I am therefore forced to conclude that at least the cloud and social network that were announced are not really ready for prime time. I am sure the products exist in some form but I am not sure what state they are in. I will believe it all when I can play with it and report to you.
With the assumption that the software products are real we need to ask what impact they will have on the industry. The short answer is that these products will be enough to freeze many decision processes until Oracle can get around to delivering a true 1.0 version for general availability.
In conception, the Oracle Cloud and Social Network sound good and they will appeal to a big audience of Oracle customers. But they are not fundamentally different — and one needs to question if they are better — than what’s already on the market.
For example, nearly every vendor except Salesforce, offers customers the choice of where to operate its software — in the data center, in a third party hosting environment or in an Oracle sponsored facility. Also, these customers have the choice of running in a single tenant or multi-tenant configuration. So all the bases are in theory covered.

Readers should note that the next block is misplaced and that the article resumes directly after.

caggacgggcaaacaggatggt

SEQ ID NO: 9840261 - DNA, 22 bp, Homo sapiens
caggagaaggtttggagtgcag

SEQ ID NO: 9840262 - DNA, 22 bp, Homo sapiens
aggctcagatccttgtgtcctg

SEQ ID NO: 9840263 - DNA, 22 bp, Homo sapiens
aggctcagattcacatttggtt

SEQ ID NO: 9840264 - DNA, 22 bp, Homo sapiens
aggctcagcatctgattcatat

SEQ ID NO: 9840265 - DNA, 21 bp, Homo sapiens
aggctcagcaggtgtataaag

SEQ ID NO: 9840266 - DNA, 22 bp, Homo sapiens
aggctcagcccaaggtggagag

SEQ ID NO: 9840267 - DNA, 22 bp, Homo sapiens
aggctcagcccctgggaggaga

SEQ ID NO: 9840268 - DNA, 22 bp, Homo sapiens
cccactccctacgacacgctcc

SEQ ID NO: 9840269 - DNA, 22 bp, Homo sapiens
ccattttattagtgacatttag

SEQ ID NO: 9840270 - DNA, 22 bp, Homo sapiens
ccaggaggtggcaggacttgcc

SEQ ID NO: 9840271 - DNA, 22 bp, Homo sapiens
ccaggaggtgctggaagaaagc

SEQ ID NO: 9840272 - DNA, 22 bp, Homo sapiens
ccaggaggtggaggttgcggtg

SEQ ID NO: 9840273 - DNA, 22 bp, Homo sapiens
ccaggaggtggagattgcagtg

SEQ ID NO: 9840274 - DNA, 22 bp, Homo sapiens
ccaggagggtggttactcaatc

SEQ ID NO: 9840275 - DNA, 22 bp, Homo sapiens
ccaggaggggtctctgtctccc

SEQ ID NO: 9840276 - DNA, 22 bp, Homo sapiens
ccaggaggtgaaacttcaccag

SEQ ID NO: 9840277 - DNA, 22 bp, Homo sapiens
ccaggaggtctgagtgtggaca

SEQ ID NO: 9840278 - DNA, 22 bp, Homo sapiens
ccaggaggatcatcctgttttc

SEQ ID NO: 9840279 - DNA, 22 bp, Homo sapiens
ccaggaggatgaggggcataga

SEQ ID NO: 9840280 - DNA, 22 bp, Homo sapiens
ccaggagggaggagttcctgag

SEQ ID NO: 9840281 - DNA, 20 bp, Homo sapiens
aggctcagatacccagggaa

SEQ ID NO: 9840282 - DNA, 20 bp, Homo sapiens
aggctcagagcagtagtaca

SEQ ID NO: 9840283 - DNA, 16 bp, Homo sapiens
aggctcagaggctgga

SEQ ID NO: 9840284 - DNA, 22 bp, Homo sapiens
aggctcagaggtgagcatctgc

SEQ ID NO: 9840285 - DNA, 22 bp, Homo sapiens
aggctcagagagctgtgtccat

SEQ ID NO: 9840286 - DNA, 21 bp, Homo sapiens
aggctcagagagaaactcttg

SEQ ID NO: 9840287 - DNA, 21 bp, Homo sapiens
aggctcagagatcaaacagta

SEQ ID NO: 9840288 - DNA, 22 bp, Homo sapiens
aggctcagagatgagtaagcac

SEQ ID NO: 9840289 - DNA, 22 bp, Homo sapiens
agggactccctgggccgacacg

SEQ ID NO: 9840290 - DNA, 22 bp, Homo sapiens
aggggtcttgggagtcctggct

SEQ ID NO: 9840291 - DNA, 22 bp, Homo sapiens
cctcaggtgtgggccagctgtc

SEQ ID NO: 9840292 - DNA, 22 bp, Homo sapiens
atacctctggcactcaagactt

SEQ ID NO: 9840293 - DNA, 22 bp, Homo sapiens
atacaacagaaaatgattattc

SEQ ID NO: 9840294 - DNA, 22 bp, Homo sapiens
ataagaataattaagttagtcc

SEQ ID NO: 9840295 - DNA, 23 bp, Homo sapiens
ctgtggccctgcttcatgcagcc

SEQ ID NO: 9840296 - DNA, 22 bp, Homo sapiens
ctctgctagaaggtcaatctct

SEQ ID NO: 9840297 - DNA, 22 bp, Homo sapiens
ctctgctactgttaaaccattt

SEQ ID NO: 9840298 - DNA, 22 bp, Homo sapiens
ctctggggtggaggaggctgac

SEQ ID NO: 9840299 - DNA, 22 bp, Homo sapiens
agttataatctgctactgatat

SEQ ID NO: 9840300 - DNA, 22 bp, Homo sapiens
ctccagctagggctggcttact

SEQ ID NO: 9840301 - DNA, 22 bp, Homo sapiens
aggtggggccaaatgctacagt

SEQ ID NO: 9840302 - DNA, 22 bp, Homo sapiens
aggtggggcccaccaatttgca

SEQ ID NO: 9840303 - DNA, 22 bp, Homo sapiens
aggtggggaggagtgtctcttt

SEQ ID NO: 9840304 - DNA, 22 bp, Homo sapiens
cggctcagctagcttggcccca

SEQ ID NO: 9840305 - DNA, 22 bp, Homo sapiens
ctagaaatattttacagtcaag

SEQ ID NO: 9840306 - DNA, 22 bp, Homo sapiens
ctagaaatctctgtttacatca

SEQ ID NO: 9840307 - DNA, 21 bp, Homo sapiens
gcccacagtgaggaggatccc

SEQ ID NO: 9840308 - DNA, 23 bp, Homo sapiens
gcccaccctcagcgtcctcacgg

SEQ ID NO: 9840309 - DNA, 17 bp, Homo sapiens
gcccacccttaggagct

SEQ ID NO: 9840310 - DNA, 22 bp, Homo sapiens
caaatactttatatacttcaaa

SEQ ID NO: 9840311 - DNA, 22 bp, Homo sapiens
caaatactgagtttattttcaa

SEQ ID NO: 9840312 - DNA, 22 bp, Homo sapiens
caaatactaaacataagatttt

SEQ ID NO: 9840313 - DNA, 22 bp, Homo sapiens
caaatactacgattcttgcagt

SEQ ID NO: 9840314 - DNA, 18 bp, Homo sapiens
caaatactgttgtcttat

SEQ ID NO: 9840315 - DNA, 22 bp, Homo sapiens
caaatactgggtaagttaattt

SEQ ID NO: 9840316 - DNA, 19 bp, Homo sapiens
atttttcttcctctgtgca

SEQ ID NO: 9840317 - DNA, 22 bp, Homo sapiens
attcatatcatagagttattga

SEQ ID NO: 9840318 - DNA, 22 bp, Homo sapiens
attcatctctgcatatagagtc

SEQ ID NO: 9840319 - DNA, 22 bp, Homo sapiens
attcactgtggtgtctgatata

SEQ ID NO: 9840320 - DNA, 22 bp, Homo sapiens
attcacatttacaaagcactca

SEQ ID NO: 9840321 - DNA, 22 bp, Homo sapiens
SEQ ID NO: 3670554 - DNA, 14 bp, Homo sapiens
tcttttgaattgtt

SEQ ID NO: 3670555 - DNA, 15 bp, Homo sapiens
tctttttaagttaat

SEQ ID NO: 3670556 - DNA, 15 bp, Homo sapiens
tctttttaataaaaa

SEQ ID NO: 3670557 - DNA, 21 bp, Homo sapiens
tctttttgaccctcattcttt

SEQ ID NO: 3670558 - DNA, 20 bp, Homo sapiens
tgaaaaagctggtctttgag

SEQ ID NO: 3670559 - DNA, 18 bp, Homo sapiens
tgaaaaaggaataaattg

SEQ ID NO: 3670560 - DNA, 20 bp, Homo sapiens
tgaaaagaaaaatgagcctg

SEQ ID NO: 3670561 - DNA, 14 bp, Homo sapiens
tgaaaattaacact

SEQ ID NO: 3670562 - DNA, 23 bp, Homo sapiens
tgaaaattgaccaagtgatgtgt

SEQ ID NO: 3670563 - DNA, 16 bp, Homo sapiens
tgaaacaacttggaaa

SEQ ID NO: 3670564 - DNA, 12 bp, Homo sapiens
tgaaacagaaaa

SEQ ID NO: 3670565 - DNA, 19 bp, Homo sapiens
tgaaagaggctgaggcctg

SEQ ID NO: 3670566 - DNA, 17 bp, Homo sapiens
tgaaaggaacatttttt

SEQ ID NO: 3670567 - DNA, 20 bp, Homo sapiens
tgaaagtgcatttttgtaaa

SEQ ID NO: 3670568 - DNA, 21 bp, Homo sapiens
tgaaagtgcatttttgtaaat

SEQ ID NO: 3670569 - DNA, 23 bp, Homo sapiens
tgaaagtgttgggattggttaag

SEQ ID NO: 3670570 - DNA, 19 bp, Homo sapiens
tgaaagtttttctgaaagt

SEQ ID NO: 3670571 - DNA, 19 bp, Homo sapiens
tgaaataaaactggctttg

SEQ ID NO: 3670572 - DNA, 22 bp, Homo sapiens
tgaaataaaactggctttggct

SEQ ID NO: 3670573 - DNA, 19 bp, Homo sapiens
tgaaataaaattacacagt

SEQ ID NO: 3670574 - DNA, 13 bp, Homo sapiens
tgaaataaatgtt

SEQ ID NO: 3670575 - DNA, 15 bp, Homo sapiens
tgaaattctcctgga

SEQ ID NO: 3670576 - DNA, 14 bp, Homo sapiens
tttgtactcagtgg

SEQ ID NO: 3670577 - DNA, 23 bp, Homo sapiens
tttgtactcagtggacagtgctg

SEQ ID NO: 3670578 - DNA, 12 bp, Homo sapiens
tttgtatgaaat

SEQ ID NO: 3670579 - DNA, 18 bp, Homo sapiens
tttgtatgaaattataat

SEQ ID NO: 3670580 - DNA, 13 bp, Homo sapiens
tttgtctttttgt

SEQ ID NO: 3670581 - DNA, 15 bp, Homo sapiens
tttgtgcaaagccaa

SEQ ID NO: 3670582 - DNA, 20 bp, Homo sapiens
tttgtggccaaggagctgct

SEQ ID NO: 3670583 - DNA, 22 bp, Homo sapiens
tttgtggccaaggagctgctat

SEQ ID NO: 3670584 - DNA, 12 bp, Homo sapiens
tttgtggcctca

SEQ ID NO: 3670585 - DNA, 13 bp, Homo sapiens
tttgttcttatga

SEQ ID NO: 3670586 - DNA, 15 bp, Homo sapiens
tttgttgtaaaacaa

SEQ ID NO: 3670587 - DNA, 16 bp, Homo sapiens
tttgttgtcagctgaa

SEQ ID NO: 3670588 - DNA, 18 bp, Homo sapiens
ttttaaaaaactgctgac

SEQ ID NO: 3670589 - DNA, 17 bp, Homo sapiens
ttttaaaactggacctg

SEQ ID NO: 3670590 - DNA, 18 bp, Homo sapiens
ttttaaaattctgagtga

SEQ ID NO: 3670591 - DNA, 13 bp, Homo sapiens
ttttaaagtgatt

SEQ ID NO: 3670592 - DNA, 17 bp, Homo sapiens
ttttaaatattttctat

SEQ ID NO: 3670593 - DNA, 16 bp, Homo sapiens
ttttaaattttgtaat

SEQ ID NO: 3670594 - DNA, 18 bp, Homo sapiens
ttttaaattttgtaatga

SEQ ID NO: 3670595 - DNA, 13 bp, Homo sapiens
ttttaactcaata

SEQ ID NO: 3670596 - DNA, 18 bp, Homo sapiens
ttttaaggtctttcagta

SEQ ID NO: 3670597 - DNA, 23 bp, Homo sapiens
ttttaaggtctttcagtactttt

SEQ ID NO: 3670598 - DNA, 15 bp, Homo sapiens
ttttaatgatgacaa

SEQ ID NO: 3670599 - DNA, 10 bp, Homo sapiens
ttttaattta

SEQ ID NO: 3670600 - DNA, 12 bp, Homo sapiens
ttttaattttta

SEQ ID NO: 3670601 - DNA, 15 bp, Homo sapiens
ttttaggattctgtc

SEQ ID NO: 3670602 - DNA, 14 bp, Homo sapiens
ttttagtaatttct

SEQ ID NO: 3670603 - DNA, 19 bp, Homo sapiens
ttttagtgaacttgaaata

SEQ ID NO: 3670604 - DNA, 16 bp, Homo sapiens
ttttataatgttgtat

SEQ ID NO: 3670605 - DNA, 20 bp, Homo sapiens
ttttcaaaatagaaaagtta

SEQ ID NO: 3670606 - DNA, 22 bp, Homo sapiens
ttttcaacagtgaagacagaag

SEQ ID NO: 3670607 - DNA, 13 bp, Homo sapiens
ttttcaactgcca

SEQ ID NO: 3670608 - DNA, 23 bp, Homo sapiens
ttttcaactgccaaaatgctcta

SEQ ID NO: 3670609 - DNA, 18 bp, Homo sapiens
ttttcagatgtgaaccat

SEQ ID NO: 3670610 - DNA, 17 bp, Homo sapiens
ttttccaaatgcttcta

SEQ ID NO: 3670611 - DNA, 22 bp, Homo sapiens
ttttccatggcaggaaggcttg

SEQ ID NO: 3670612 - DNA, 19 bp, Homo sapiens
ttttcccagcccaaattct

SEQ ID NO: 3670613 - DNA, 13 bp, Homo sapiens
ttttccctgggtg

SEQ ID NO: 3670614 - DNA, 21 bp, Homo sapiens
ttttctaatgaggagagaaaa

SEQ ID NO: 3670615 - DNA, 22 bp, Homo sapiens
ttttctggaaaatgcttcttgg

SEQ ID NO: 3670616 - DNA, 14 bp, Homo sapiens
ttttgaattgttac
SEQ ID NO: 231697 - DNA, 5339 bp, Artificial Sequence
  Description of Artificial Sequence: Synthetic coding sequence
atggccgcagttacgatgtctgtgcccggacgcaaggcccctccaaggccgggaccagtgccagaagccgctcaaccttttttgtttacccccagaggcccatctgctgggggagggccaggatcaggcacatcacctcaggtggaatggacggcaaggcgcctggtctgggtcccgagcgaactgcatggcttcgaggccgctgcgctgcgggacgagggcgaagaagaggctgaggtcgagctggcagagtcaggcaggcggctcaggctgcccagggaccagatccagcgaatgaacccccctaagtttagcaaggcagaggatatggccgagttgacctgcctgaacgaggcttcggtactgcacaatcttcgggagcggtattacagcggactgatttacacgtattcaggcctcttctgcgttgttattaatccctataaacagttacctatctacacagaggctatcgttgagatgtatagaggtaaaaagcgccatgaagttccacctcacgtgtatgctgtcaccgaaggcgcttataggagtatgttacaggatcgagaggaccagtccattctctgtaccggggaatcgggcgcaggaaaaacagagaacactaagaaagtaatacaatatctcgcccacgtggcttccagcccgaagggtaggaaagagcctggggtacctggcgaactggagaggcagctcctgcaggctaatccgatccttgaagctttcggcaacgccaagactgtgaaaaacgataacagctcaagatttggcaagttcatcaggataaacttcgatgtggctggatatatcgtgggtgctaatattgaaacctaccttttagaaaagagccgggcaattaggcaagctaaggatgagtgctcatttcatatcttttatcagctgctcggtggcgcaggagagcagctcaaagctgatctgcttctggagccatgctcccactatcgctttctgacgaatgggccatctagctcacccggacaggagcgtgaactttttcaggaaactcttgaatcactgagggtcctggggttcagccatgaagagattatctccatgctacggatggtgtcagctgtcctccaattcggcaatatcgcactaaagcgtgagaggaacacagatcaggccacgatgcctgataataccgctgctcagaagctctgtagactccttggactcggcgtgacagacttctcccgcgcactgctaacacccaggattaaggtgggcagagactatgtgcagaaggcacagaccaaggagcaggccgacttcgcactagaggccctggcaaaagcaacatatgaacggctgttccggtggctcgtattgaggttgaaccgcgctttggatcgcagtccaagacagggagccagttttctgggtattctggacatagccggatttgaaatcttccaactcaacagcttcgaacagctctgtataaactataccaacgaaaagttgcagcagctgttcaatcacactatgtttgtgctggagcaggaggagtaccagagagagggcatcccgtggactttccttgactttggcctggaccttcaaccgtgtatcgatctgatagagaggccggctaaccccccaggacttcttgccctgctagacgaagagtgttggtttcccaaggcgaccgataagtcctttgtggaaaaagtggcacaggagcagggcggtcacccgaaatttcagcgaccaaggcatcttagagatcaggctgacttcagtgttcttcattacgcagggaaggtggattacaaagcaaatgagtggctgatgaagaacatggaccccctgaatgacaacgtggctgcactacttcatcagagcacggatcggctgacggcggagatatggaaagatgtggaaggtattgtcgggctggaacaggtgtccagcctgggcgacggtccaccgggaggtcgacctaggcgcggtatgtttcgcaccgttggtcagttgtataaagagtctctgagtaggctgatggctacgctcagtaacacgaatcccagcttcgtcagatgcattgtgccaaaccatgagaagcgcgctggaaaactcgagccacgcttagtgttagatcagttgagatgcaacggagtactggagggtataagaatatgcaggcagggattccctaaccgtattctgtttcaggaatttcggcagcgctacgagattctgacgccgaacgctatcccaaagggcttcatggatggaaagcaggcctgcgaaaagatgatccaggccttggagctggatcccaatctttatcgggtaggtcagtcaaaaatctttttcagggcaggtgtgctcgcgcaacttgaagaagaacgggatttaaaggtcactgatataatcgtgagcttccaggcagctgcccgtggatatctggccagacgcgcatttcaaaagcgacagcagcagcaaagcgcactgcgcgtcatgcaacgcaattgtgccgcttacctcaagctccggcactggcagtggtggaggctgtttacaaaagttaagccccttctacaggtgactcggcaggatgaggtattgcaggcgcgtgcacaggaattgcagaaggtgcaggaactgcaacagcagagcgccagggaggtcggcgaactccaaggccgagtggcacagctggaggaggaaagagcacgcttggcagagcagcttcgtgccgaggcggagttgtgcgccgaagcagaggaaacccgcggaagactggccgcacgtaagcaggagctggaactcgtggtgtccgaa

But this only adds fuel to an already smoldering argument of whether it is better to simply move applications from an old paradigm to a new hosting environment or if it might be necessary to take a fresh look at these applications in the context of mobile and social demands and changing business requirements. Failing to do all that might result in well functioning applications that have diminishing relation to reality.
As Benioff has made clear for the last decade and did again at his press conference, most of those choices fit an old paradigm at a time when the paradigm is changing and the multi-tenant solution is the way of the future. Interestingly, Ellison derided multi-tenancy as something that is 13 or so years old but ignored the idea that the conventional IT that his solutions provide for are much older still. Moving your data center off site, which is a function of the Oracle Cloud, is not exactly state of the art.